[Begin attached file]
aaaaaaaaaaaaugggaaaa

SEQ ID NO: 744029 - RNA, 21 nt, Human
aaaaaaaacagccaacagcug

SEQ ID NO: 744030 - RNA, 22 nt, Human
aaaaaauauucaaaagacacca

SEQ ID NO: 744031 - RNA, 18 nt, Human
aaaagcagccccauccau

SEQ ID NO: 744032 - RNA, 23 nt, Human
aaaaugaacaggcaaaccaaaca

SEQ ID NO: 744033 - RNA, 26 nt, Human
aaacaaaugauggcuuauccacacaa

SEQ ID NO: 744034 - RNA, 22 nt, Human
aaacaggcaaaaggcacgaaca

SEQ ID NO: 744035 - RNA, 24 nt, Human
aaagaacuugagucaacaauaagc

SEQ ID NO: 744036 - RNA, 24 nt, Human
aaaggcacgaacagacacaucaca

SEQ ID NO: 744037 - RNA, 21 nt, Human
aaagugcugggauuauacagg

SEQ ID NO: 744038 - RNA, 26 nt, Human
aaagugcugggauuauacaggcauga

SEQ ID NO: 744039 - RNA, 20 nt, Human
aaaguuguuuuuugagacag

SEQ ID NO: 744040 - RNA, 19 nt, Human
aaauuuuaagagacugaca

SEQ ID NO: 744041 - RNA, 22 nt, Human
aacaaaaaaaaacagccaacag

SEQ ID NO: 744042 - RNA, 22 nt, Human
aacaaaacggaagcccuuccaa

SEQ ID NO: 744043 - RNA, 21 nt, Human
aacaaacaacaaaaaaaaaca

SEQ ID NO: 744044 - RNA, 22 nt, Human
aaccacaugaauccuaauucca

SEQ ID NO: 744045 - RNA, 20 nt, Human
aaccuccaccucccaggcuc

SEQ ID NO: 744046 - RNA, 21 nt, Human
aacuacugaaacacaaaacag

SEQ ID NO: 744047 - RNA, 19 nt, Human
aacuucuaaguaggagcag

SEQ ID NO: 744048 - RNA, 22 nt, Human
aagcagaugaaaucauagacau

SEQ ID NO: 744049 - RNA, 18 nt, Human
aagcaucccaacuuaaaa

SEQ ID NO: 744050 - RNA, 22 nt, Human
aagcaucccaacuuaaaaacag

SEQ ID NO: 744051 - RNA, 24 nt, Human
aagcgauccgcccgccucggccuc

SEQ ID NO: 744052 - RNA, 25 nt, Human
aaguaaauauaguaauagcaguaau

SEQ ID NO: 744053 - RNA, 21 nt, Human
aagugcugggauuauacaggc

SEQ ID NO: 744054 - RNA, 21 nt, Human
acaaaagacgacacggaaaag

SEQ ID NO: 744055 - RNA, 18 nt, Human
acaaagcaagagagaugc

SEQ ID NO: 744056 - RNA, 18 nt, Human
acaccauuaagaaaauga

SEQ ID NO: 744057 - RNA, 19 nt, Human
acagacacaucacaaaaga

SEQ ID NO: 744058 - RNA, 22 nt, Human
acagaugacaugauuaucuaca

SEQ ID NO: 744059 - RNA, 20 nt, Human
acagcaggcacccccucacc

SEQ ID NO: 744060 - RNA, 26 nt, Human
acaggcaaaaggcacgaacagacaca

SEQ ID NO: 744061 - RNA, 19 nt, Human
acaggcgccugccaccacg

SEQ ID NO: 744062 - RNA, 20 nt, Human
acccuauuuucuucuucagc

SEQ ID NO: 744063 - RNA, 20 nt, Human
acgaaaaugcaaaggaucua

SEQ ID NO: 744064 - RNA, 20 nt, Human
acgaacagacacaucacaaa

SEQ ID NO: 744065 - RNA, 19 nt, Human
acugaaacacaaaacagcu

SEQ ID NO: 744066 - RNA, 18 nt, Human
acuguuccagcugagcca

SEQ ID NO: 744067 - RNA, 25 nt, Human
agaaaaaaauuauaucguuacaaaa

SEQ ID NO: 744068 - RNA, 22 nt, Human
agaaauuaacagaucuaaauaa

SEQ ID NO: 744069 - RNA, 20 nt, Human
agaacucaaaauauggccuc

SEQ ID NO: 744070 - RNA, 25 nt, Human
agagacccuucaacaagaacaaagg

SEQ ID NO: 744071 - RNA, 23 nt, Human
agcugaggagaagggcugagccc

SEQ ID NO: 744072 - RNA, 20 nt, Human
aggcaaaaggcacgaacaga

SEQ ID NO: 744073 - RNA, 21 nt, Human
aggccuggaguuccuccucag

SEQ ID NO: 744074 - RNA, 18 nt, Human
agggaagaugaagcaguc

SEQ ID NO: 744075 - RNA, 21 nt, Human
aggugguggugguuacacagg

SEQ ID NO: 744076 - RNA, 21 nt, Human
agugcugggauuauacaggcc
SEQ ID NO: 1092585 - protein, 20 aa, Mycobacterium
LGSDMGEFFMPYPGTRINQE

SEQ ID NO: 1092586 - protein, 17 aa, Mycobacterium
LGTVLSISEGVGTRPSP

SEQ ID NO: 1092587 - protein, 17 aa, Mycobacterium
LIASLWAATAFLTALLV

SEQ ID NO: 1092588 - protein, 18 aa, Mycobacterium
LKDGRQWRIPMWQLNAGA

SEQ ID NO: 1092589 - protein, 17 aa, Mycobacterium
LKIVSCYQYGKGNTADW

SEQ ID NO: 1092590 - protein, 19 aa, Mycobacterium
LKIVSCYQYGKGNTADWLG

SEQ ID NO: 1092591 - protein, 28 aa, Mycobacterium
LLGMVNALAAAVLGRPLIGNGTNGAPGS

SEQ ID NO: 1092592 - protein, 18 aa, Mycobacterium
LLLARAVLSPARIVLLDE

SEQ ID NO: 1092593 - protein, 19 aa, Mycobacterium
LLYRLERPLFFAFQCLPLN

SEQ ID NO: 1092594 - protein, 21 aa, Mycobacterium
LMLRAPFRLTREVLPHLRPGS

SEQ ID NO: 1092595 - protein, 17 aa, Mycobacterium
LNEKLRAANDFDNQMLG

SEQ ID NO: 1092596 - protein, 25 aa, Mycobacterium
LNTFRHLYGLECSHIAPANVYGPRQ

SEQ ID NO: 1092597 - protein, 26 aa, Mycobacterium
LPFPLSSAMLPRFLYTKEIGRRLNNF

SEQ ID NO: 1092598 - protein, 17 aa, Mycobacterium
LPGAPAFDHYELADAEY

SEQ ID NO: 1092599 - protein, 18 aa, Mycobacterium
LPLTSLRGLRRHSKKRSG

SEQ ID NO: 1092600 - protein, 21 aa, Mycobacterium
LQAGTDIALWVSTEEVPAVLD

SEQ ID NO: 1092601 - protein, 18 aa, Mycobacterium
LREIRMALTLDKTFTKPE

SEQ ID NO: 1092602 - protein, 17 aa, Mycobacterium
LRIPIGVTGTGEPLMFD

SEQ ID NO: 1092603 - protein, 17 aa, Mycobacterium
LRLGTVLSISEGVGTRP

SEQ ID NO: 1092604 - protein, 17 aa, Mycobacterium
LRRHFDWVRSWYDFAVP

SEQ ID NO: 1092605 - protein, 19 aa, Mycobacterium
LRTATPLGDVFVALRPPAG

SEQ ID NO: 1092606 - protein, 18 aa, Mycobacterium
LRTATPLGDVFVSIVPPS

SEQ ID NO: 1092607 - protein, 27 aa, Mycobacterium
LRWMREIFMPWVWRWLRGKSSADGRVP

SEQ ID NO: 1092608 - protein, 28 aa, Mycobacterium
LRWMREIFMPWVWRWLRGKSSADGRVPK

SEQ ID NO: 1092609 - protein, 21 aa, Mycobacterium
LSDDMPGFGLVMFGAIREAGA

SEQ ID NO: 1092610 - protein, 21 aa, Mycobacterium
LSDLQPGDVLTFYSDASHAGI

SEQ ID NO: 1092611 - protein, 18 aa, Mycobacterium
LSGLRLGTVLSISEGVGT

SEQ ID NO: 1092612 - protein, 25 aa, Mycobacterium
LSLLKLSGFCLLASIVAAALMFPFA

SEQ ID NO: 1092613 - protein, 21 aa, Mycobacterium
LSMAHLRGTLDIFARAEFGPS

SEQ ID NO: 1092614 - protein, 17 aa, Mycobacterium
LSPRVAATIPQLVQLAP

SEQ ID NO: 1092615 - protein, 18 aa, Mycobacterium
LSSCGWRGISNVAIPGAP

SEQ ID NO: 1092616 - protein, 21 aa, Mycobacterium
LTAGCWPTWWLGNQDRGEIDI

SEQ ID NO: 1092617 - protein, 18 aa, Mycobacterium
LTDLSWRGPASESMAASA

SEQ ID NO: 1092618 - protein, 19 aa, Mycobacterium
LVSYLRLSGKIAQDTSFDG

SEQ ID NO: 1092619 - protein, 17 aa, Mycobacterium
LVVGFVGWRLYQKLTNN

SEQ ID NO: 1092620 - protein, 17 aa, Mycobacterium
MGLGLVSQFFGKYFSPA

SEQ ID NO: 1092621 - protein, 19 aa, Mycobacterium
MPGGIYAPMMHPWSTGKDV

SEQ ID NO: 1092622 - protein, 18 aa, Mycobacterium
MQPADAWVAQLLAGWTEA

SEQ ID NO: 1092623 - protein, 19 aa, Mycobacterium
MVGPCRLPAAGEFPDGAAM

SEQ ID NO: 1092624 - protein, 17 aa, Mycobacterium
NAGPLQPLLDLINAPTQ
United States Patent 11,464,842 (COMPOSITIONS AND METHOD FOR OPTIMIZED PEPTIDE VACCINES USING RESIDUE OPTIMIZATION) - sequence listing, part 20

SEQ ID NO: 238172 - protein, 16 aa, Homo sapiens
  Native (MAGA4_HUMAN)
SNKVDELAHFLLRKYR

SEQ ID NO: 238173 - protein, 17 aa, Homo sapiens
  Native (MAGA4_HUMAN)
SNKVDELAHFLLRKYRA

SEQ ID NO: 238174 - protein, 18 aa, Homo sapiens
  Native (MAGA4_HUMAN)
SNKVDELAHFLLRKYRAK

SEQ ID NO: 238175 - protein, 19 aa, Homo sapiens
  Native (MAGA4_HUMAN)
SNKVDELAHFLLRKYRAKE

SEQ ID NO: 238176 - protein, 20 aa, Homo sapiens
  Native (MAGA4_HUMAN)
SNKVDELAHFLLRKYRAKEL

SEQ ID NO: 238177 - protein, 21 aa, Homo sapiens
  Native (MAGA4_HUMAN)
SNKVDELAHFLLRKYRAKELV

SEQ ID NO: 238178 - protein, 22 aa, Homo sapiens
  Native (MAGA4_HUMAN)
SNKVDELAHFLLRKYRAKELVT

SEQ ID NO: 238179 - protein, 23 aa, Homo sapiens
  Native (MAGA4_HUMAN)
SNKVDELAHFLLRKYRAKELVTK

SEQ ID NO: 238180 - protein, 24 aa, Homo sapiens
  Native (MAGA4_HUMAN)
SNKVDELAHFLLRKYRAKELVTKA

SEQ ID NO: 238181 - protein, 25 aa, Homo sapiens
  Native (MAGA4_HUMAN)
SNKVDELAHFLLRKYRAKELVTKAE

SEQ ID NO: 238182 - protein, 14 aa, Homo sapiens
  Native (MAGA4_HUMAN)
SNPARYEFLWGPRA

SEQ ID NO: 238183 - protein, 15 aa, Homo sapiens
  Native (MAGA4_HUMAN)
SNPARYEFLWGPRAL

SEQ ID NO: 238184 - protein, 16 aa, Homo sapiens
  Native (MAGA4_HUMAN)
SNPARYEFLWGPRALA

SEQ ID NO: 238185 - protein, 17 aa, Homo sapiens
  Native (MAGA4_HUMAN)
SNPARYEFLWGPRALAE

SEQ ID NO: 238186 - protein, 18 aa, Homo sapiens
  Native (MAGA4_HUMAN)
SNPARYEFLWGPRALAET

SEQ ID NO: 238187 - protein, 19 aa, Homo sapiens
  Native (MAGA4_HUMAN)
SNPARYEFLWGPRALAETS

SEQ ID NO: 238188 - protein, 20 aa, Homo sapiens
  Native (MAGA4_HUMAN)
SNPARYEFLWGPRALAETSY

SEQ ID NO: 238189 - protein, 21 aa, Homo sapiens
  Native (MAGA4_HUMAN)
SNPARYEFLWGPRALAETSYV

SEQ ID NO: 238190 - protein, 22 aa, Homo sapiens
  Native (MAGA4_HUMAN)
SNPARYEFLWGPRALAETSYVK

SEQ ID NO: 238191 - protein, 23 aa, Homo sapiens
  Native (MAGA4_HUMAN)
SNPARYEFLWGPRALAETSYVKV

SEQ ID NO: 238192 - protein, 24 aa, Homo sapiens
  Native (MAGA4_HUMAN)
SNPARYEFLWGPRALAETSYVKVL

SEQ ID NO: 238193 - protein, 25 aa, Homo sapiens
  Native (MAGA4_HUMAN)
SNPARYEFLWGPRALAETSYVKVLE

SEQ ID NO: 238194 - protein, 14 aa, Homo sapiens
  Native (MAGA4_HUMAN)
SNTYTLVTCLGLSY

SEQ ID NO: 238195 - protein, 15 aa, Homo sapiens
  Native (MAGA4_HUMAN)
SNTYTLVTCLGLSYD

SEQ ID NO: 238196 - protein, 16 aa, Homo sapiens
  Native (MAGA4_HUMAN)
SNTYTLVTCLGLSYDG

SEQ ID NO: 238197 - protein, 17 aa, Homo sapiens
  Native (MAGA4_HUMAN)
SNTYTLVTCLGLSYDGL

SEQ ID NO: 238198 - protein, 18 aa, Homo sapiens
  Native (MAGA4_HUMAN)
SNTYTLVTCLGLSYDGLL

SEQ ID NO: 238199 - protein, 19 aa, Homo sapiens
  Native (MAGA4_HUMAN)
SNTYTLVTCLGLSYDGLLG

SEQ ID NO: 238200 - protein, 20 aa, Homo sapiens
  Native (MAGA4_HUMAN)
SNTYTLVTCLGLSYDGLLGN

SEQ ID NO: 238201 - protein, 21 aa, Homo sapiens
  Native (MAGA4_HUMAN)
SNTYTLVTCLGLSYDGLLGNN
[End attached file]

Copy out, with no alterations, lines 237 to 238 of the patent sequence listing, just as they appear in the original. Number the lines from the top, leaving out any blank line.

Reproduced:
  Native (MAGA4_HUMAN)
SNPARYEFLWGPRALAETSYVKV